In [19]:

```
1 + 1
```

Out[19]:

In [30]:

```
'a' + 'b'
```

Out[30]:

In [31]:

```
'1' + '1'
```

Out[31]:

The syntax for control structures in Python use

*colons*and*indentation*.Beware that white-space affects the semantics of Python code.

In [1]:

```
x = 5
if x > 0:
print 'x is strictly positive'
print x
print 'finished.'
```

In [1]:

```
x = 0
if x > 0:
print 'x is strictly positive'
print x
print 'finished'
```

We can use *lists* to hold an ordered sequence of values.

In [28]:

```
l = ['first', 'second', 'third']
print l
```

Lists can contain different types of variable, even in the same list.

In [29]:

```
another_list = ['first', 'second', 'third', 1, 2, 3]
print another_list
```

Lists are *mutable*; their contents can change as more statements are interpreted.

In [32]:

```
l.append('fourth')
print l
```

Whenever we bind a variable to a value in Python we create a

*reference*.A reference is distinct from the value that it refers to.

Variables are names for references.

In [22]:

```
X = [1, 2, 3]
Y = X
```

The above code creates two different references (named

`X`

and`Y`

) to the*same*value`[1, 2, 3]`

Because lists are mutable, changing them can have side-effects on other variables.

If we append something to

`X`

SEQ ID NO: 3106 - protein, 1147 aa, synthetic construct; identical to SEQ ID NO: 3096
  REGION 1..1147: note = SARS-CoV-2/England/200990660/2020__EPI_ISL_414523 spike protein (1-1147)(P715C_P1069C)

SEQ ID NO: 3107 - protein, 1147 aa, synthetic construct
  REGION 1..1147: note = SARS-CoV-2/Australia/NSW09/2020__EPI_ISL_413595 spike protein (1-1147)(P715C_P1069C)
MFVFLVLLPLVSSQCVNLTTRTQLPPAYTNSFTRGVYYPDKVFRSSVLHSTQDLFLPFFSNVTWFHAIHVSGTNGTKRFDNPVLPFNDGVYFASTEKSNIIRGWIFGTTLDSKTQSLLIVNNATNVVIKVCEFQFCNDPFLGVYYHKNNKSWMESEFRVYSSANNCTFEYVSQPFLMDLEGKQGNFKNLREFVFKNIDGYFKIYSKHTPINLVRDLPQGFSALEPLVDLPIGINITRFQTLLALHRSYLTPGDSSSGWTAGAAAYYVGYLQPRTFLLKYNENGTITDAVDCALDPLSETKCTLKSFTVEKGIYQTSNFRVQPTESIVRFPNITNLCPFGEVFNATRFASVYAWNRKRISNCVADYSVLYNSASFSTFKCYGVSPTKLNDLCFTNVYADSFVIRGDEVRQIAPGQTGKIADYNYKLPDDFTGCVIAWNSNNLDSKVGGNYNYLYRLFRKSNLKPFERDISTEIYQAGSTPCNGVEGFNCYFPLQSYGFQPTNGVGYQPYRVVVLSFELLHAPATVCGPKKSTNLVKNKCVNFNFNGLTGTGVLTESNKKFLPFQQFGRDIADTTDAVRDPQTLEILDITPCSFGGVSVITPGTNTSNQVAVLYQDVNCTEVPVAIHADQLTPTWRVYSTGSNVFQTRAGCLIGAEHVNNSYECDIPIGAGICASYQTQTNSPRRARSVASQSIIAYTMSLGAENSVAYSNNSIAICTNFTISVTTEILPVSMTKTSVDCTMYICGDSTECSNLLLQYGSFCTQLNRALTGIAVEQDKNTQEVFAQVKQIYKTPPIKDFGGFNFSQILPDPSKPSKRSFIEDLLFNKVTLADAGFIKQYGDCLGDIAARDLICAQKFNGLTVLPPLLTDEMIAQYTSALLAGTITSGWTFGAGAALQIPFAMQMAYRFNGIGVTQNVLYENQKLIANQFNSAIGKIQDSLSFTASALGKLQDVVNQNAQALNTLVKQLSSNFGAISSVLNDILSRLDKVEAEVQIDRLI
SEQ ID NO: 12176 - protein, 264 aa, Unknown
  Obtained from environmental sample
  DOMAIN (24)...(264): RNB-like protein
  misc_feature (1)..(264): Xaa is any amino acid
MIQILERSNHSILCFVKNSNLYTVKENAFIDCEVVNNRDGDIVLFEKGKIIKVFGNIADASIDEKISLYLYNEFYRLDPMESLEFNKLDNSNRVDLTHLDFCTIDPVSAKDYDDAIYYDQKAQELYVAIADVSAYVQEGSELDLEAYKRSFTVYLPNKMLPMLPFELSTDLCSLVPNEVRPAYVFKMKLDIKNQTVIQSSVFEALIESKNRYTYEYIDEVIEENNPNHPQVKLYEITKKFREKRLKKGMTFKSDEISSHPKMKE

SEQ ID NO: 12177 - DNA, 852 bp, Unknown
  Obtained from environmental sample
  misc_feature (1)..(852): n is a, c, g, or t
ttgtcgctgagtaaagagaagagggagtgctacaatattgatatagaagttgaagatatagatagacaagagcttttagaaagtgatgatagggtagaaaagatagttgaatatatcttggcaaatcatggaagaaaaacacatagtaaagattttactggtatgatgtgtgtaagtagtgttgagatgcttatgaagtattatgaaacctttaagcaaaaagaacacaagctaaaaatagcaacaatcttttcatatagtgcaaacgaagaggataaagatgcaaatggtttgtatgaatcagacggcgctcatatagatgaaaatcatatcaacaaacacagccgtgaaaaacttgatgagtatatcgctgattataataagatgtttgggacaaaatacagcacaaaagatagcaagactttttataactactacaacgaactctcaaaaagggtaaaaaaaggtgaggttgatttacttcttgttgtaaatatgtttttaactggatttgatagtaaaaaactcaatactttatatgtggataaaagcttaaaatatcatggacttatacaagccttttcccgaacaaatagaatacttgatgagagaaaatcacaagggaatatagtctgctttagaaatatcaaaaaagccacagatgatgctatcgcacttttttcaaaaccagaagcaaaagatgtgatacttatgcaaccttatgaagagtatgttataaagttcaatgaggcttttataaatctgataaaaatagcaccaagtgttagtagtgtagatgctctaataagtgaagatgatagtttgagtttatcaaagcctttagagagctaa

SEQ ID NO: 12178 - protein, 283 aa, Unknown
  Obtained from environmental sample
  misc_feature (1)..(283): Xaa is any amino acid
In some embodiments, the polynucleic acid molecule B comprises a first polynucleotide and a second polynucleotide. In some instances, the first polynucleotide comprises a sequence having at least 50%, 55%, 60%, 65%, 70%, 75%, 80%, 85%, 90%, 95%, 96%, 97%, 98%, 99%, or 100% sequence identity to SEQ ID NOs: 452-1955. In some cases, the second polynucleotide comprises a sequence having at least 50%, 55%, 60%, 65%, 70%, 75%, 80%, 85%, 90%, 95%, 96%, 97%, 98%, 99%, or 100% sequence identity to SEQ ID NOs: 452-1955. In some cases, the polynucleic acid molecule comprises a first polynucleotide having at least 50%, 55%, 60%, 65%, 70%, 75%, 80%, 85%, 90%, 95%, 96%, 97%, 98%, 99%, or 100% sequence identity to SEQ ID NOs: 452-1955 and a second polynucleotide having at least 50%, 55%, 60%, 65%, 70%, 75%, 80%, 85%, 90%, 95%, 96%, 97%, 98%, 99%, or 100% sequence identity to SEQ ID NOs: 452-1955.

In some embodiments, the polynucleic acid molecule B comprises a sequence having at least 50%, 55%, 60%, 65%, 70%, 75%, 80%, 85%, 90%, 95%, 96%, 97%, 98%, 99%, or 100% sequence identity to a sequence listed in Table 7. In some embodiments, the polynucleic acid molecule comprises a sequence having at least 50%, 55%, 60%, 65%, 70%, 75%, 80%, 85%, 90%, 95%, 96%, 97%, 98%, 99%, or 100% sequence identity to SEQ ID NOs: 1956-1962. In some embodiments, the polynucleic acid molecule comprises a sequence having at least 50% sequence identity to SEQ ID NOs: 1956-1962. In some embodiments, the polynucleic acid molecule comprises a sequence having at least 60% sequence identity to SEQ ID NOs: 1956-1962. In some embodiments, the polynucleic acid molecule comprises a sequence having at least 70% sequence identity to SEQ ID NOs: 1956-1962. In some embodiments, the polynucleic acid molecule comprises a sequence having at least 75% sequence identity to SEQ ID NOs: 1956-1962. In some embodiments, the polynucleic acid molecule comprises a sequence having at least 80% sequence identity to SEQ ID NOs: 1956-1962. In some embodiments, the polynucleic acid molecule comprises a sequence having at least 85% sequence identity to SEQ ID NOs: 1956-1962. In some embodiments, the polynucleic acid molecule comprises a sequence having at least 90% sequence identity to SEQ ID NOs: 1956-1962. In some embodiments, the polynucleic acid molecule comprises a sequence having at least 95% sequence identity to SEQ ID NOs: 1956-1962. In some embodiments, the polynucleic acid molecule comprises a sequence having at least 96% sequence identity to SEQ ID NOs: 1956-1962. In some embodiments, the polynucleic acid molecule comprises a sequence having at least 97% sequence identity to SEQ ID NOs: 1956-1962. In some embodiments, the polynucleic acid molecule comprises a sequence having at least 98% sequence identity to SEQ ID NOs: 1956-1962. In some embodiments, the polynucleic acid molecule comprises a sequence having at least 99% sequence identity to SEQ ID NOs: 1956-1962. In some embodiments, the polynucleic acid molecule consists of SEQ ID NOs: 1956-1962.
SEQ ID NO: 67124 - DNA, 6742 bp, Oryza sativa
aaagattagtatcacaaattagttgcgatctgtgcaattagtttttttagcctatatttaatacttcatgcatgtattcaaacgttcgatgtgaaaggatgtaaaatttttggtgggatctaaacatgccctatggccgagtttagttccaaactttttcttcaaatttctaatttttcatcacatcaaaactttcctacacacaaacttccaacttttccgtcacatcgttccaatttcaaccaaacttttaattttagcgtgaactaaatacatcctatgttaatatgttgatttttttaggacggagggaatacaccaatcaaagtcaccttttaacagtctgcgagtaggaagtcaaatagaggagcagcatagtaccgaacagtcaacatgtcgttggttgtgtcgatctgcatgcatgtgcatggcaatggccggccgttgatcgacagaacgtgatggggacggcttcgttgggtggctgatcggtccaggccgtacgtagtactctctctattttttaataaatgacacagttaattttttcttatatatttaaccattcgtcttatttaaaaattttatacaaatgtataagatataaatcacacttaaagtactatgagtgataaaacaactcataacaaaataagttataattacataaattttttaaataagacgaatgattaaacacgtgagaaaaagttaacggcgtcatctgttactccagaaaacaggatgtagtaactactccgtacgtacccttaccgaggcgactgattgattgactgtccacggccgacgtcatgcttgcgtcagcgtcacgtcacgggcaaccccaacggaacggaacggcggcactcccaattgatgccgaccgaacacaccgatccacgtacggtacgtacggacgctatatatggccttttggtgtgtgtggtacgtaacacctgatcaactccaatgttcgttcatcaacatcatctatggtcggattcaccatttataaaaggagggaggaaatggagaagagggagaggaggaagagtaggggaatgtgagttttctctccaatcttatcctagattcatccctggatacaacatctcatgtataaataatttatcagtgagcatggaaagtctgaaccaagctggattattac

what will happen to`Y`

?

In [23]:

```
X.append(4)
X
```

Out[23]:

In [24]:

```
Y
```

Out[24]:

The state referred to by a variable is

*different*from its identity.To compare

*state*use the`==`

operator.To compare

*identity*use the`is`

operator.When we compare identity we check equality of references.

When we compare state we check equality of values.

In [33]:

```
X = [1, 2]
Y = [1]
Y.append(2)
```

In [34]:

```
X == Y
```

Out[34]:

In [35]:

```
X is Y
```

Out[35]:

In [36]:

```
Y.append(3)
X
```

Out[36]:

In [38]:

```
X = Y
```

In [39]:

```
X is Y
```

Out[39]:

- We can iterate over each element of a list in turn using a
`for`

loop:

In [33]:

```
for i in l:
print i
```

- To perform a statement a certain number of times, we can iterate over a list of the required size.

In [39]:

```
for i in [0, 1, 2, 3]:
print "Hello!"
```

- To save from having to manually write the numbers out, we can use the function
`range()`

to count for us. As in Java and C, we count starting at 0.

In [40]:

```
range(4)
```

Out[40]:

In [42]:

```
for i in range(4):
print "Hello!"
```

- Lists can be indexed using square brackets to retrieve the element stored in a particular position.

In [43]:

```
print l[0]
```

In [44]:

```